Does this sound like LIS research literature and our community of research-publishing academics and practitioners? No. We have no preprint tradition, no community tradition of boldly transparent, open, and participatory research literature discussion and development. The majority of our peer-reviewers come from just one slice of our field: academics or academic / medical librarians. Sure, a segment of our community discusses and shares opinions using blogs but we don’t have an existing tradition of public discussion of our research literature to harness and make better using today’s internet tools like the Physicists did and do.

    Leaving aside much-discussed criticism of the quality, impact, or value of our collective research literature, is it really in our best interest to leave our research literature publishing to scattered blogging efforts? Are we really just needing a tool to improve our research literature? There is most certainly a place for blog-based discussion of LIS research but it is short-sighted to think this is where we should be directing our research literature output. We don’t need “a professional shift that values speed of new ideas over polished presentation” anywhere near as much as we need increased community engagement and participation in all facets of the development of a deep and rigorous research-base for all areas of librarianship.

    As one of four editors of EBLIP , I know first-hand that LIS research literature can be published with a quick turn-around, online-only and open access, with the authority and rigor of formal peer-review, the backing of our institutions for continuity (or associations, see The Partnership Journal as another example ), LOCKKS-ready preservation and archiving, transparent and documented governance and editorial policies, OAI-compliant indexing, as well as the ability for post-publication comment embedded with the article. This is made possible by the brilliance of OJS and this the stewardship and care that our research literature deserves. This is also made possible with an engaged and committed group of international community members working in a fully volunteer effort for editorial, peer-review, and production work. See: Richard’s “The Ins and Outs of the Peer-Review Process” and think if you’re willing to put that rigour into your blog comments.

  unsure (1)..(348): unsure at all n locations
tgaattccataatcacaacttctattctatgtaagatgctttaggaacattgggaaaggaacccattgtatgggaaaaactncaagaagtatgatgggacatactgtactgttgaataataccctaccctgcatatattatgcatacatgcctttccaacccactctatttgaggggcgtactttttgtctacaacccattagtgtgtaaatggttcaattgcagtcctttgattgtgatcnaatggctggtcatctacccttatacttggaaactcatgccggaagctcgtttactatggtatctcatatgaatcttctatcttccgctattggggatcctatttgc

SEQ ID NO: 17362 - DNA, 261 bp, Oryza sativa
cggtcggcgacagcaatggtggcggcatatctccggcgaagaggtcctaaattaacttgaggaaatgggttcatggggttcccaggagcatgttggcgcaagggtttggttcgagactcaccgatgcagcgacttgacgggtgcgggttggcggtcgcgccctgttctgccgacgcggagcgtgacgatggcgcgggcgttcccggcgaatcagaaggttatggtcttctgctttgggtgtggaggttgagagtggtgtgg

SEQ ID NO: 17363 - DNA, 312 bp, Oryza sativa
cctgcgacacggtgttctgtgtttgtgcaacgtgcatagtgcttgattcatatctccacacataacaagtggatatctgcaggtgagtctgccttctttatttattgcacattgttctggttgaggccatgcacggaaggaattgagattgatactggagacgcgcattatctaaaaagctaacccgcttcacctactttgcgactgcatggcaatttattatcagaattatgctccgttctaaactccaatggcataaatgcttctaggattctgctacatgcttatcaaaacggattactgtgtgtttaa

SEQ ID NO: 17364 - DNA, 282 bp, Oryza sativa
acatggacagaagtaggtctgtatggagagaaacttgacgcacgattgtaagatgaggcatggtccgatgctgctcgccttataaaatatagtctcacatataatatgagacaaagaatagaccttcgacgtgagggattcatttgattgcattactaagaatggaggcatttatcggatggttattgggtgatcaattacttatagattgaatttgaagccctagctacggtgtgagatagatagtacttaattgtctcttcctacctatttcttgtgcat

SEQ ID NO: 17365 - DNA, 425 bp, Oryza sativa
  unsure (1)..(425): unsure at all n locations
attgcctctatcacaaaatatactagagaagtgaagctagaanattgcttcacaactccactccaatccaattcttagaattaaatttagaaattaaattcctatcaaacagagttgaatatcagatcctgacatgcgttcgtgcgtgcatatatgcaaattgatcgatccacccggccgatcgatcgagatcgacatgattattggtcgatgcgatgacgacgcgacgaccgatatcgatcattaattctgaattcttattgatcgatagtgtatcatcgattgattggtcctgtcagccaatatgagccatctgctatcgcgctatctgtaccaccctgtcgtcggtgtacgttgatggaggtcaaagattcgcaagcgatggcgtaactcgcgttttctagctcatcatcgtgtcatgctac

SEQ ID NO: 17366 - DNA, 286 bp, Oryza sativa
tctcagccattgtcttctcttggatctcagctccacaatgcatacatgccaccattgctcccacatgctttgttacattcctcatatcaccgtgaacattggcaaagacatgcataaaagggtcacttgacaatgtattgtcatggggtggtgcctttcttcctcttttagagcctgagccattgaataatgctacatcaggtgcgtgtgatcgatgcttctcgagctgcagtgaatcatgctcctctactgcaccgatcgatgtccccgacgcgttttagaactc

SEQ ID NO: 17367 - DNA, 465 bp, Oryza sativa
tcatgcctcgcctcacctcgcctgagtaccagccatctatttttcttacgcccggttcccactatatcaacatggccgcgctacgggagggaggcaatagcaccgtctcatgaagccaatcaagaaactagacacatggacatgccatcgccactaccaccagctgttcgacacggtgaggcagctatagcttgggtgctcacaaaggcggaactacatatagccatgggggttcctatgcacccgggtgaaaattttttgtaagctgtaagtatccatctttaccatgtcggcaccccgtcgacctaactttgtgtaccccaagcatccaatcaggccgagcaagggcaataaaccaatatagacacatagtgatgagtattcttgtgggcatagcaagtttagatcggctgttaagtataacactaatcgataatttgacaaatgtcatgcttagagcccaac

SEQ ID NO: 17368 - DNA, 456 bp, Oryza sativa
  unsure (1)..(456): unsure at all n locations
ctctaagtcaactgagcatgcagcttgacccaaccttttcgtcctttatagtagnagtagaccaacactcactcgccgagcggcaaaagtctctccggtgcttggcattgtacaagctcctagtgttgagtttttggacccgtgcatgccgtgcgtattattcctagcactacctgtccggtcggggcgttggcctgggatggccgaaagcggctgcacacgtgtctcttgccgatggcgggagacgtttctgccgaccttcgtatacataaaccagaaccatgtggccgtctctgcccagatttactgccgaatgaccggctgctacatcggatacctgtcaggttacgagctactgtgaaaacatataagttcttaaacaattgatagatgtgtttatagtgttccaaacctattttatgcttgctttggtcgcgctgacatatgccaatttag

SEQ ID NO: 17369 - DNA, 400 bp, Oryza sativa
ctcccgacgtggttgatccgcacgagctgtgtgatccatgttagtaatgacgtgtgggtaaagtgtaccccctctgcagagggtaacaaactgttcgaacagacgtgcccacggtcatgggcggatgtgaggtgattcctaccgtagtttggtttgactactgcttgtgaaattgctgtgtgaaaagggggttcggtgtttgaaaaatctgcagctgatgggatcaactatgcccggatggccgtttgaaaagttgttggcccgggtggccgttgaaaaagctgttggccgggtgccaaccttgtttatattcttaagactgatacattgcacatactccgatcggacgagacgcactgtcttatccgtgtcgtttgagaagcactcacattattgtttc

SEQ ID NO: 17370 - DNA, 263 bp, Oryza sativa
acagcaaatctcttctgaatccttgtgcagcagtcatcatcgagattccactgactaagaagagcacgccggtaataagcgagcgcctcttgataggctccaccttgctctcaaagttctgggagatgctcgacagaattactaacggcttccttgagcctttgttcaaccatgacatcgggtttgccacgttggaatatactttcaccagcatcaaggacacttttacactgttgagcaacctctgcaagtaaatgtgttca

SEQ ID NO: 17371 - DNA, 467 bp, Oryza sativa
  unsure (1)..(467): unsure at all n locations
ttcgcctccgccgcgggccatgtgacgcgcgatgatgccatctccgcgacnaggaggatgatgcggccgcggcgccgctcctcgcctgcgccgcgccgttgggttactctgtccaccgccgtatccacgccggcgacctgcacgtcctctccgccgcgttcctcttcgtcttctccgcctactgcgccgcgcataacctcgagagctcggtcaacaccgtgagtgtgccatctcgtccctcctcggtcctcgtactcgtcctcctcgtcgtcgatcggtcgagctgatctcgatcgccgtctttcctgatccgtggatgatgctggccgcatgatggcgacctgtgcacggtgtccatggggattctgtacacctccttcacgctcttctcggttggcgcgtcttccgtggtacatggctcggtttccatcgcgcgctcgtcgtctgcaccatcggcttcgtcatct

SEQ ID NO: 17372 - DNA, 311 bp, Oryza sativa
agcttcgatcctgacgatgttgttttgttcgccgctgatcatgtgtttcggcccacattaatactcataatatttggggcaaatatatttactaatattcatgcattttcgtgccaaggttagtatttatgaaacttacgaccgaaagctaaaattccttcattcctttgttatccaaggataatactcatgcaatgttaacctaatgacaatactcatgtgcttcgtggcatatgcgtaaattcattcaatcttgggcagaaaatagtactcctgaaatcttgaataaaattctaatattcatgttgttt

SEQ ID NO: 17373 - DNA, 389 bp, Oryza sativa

Regardless of the technology used to communicate research findings (paper or online journal, blog, wiki, what have you), there is a tremendous difference between pre-publication blind or open peer review and pre or post publication comment and discussion. The Physicists know this. Indeed, the Physics community is leaps and bounds ahead of the LIS community in taking control of access to their research literature. The High Energy Physics community is currently spearheading the first research community driven initiative to make all of their peer-reviewed, authoritative literature fully open access (see: SCOAP3). That their preprints are already openly available isn’t sufficient as they do not represent or replace the quality their community expects of their formal research literature. We have much to learn from the Physics community and we need to talk more about this issue using any of the forums available to us. Thanks to Marcus and Michael for contributing to the discussion.

  3. Michael,

    Many thanks for re-surfacing this issue. It generated some buzz when I wrote in February, but then fell off the collective radar screen like everything else.

    Great comments from everyone. Pam, I wonder if what will evolve is a tiered system in which blogs and journals serve different purposes. Excellent ideas, Cliff. And Dorothea, I’m pleased to say that I have a few items in E-LIS!

  4. Hi ! ;)
    I am Piter Kokoniz. oOnly want to tell, that I’v found your blog very interesting
    And want to ask you: what was the reasson for you to start this blog?
    Sorry for my bad english:)
    Tnx!
    Your Piter